– reirab
    Commented Aug 29, 2023 at 7:17

Don’t have any sources of references, but:

  • Do not drive. Work from home.
  • Do not drive. Use public transport.
  • If you drive, share your car.
  • Avoid rush hour. Now that se have seen that employers are willing to let people work from home, it’s obvious many can let people have slightly different schedules.
  • If you actually drive, obey the rules of the road. No speeding. No rubbernecking. Stay in your lane.

Most congestion happens when there is any type of incident. Do not cause incidents (hence no speeding) and do not participate in congestion when incidents happen (hence no rubbernecking).

But again, the best way to avoid congestion is just to avoid being on the road in the first place.

  • 3
    ? The "work from home" era is long gone. wsj.com/articles/… theweek.com/labor/1022149/is-the-era-of-remote-work-over linkedin.com/news/story/…. forbes.com/sites/richardmcgahey/2022/11/30/… W.F.H. was (trivially obviously) bad for companies, so they're ending / have ended it
    – Fattie
    Commented Aug 27, 2023 at 15:32
  • 36
    Off topic - @Fattie - I am afraid that you are seriously mistaken. The only people WFH hurts are those with with heavy investment in office space, and managers who measure their empire by size and not performance.
    – Paul Smith
    Commented Aug 27, 2023 at 22:43
  • 19
    @Fattie There's a certain percentage of people for whom working from home is feasible. That percentage is not 0 and it has not been 0 at any time in human history. Commented Aug 28, 2023 at 1:39
  • 7
    These are very great advices and I agree with them. Unfortunately, they don't aswer the question. -1
    – vsz
    Commented Aug 28, 2023 at 8:36
  • 10
    @Fattie you might want to read the articles you linked to a bit more carefully. Every single one of those (I couldn't read the WSJ one which was behind a paywall) is giving examples of how WFH has dropped from covid levels in some places/industries but remained the same or risen in others. Extrapolating from that to "the WFH era is long gone" is not reasonable, and all the articles clearly state that it's still around, just less common in some industries. For instance, I am posting this on a page owned by a company which is mostly WFH (SE) and I work for a company that is entirely WFH.
    – terdon
    Commented Aug 28, 2023 at 15:52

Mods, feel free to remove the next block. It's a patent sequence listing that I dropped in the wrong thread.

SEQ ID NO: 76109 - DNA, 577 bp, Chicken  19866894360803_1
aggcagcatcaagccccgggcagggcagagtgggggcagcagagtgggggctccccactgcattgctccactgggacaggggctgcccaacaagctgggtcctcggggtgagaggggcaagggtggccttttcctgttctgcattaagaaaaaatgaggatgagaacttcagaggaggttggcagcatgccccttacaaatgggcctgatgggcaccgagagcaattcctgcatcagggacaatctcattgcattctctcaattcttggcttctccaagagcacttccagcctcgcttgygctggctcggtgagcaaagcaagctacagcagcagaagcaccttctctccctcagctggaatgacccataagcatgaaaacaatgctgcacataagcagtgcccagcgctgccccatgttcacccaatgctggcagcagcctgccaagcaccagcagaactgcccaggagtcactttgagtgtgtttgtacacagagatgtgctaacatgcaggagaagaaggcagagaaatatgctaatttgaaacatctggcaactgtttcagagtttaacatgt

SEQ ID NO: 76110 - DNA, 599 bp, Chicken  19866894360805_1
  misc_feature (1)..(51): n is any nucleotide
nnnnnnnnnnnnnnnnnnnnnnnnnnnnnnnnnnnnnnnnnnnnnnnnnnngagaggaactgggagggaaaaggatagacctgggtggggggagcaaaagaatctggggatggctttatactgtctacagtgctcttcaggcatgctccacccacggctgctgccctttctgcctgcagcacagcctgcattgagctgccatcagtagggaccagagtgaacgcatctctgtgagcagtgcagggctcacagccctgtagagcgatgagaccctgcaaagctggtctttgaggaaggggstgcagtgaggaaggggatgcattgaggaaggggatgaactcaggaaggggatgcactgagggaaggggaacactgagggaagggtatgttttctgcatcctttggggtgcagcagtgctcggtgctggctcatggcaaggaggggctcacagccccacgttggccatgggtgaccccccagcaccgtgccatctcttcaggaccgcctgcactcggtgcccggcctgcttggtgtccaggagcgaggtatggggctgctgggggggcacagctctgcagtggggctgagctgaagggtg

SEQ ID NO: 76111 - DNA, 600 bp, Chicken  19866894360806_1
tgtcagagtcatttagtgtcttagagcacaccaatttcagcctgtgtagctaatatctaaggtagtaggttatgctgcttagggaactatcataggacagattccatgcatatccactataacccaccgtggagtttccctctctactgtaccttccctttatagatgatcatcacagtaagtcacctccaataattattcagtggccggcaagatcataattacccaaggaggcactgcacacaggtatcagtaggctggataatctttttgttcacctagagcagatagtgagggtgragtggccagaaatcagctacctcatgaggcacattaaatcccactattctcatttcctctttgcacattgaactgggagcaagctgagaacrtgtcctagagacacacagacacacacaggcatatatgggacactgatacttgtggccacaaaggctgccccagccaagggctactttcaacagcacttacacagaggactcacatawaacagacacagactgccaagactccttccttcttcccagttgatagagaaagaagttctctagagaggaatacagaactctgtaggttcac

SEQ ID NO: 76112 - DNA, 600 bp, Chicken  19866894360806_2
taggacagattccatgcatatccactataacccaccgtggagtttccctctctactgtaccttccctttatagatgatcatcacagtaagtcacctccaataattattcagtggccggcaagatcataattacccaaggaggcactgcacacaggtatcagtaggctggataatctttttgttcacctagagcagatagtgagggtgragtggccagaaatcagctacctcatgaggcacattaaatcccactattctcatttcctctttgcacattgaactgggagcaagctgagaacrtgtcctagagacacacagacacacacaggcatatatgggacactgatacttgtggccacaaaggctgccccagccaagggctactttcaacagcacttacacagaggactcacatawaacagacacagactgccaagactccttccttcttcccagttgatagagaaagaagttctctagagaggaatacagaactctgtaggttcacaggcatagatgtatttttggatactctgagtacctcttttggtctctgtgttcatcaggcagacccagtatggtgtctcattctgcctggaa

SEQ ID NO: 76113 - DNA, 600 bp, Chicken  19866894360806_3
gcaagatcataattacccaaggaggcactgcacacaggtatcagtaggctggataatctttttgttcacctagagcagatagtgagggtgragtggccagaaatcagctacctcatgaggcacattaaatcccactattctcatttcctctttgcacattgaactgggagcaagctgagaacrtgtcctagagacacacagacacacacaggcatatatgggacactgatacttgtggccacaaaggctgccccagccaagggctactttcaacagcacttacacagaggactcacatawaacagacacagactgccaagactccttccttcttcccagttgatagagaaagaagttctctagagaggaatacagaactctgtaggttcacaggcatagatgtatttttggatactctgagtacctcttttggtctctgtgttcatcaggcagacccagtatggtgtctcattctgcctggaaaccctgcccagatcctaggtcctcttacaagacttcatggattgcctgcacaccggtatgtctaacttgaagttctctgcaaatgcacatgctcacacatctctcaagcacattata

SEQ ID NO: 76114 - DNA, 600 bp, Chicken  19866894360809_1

I'll skip standard "don't be an asshole" stuff because we already assume that C has good intentions.

There's one trick that I've heard here and there that apparently does a lot to reduce traffic jams, while not benefitting yourself directly:

When traffic is dense or stop-and-go, don't react to the car in front of you, react to the cars in front of them.

The purpose of this is that you drive more smoothly. Traffic will flow better if cars are driving at a constant speed instead of speeding up and slowing down all the time. Some documentary I watched years ago (and don't remember the title) showed that just a few drivers in a traffic jam doing that has a measurable impact on traffic.

As the famous Mythbusters episode on traffic jams (where they drove a bunch of cars in a circle and at a certain density, stop-and-go spontaneous manifests) showed, traffic jams are the result of people braking because they get too close to the car in front, and then everyone behind them brakes and when traffic is dense, that small braking gets amplified until somewhere down the line, someone comes to a stop.


My experience is based on three decades of driving around Silicon Valley rather than Chicago, which I only know from infrequent visits. To the multitude of positive driving behaviors already mentioned, I will add zipper merging (one left, one right, one left, ...), as discussed at some breadth on this website:

But traffic experts have discovered in recent years that sometimes [merging early is] actually the wrong thing to do, and the late merge has now become the recommended procedure in a number of states including Minnesota, Wisconsin, Washington, Missouri, and Kansas, as well as in much of Europe, where in Germany it's actually the law. (German zipper-merge sign at left.) It's also supported and recommended by the AAA.